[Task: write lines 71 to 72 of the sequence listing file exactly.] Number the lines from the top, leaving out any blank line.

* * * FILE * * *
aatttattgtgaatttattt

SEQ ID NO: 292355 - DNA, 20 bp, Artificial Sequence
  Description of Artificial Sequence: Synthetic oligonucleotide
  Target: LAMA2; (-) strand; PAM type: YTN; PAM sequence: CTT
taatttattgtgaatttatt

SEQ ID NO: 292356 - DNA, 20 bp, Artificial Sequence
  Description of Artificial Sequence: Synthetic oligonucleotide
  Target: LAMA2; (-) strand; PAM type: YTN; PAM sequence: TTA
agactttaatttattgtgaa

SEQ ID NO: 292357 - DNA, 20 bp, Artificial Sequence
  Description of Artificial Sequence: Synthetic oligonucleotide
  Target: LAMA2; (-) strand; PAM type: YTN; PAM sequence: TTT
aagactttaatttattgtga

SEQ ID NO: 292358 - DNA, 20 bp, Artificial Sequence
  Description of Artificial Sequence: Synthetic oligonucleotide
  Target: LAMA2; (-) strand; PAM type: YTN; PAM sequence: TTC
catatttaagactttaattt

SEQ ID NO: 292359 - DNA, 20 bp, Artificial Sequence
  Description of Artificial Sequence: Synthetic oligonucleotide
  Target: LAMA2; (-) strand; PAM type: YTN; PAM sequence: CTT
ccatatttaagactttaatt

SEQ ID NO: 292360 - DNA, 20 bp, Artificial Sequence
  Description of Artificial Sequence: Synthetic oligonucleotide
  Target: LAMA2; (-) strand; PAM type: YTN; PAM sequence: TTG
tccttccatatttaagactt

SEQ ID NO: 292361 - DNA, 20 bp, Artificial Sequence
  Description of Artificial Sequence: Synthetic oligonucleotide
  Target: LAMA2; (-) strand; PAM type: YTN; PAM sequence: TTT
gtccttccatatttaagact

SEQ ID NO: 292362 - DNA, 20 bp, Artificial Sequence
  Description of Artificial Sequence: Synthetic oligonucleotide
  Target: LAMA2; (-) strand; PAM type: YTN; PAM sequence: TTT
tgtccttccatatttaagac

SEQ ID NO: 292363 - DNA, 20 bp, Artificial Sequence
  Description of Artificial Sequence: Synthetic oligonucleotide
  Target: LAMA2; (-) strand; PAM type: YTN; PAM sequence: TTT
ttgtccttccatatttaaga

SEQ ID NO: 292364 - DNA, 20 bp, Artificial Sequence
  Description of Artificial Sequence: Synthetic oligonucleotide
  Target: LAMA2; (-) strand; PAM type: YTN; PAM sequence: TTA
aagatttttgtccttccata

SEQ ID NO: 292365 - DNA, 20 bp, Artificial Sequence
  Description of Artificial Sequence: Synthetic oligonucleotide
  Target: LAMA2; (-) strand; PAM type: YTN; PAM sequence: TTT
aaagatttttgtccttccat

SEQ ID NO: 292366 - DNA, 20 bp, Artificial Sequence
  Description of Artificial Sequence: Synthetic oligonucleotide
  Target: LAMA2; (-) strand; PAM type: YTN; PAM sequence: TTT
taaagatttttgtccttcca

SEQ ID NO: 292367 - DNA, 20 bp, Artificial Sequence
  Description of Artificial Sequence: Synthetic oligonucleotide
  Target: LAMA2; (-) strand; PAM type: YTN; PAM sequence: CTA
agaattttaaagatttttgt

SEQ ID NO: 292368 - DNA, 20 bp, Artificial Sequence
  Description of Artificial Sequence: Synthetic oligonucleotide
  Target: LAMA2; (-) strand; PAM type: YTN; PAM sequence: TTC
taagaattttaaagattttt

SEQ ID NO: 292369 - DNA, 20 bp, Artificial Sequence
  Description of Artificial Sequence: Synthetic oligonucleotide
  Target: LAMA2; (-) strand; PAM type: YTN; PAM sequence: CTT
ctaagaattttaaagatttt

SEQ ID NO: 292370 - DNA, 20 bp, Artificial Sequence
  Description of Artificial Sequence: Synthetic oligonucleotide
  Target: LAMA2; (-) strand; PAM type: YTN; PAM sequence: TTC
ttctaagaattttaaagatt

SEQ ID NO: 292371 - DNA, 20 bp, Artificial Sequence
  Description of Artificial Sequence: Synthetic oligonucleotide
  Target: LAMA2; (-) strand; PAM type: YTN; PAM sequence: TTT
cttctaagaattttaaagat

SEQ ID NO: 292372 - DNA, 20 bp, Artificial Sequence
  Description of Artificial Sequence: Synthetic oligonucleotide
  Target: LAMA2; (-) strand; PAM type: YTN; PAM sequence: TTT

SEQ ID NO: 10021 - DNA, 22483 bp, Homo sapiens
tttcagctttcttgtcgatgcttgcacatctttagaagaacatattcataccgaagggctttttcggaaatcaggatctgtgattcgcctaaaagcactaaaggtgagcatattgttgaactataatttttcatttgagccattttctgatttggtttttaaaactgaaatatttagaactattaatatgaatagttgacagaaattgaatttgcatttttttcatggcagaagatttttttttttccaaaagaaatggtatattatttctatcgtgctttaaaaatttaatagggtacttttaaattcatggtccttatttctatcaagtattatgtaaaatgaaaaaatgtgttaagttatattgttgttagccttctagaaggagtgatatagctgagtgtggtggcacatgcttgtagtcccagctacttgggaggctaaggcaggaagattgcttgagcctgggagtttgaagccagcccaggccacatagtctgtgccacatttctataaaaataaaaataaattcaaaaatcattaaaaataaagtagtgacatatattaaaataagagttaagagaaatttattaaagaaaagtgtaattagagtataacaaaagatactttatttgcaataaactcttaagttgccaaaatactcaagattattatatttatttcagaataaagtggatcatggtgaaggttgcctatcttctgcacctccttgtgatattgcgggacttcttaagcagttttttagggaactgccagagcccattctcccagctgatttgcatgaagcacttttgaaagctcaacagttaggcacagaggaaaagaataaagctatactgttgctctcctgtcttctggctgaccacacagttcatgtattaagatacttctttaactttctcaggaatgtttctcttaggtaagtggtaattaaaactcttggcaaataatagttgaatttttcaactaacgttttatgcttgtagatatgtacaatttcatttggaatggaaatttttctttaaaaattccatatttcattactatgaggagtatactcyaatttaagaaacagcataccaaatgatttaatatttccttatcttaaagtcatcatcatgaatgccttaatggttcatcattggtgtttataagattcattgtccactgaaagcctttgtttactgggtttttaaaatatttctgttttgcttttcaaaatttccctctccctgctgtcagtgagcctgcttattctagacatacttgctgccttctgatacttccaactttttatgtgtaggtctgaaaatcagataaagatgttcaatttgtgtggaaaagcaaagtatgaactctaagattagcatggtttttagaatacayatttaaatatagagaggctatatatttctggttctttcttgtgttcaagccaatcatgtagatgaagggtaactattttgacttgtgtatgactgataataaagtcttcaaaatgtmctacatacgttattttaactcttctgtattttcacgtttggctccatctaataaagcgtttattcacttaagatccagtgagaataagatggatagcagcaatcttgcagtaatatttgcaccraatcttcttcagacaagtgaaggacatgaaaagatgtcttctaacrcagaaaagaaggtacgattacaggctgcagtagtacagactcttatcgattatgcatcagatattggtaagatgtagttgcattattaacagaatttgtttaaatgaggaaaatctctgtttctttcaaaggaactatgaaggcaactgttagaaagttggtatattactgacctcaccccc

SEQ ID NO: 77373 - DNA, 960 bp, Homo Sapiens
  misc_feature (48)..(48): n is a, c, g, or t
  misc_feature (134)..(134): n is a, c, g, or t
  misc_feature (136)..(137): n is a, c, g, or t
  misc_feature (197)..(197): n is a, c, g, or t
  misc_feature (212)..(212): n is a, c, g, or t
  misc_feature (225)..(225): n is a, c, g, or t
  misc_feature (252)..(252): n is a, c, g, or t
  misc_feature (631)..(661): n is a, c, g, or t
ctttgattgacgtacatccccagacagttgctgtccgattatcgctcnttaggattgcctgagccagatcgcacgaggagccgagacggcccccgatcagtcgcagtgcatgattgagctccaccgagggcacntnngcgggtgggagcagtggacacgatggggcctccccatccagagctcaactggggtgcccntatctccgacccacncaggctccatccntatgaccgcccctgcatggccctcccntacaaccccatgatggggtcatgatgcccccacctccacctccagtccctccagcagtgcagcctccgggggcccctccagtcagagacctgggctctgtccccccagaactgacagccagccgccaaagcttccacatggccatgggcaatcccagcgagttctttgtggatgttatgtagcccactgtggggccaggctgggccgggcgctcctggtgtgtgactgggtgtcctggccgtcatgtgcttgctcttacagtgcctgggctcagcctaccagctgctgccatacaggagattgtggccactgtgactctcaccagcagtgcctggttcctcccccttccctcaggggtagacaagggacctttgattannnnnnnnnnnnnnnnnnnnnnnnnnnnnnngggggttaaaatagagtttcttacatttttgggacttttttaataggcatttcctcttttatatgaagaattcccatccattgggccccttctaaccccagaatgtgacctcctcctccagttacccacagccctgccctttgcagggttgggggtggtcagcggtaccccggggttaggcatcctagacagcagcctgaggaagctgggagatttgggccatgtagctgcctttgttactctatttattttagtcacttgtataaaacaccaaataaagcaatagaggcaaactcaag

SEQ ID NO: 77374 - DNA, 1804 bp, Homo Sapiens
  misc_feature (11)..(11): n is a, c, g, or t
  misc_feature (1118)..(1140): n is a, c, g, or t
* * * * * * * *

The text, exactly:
  Description of Artificial Sequence: Synthetic oligonucleotide
  Target: LAMA2; (-) strand; PAM type: YTN; PAM sequence: TTT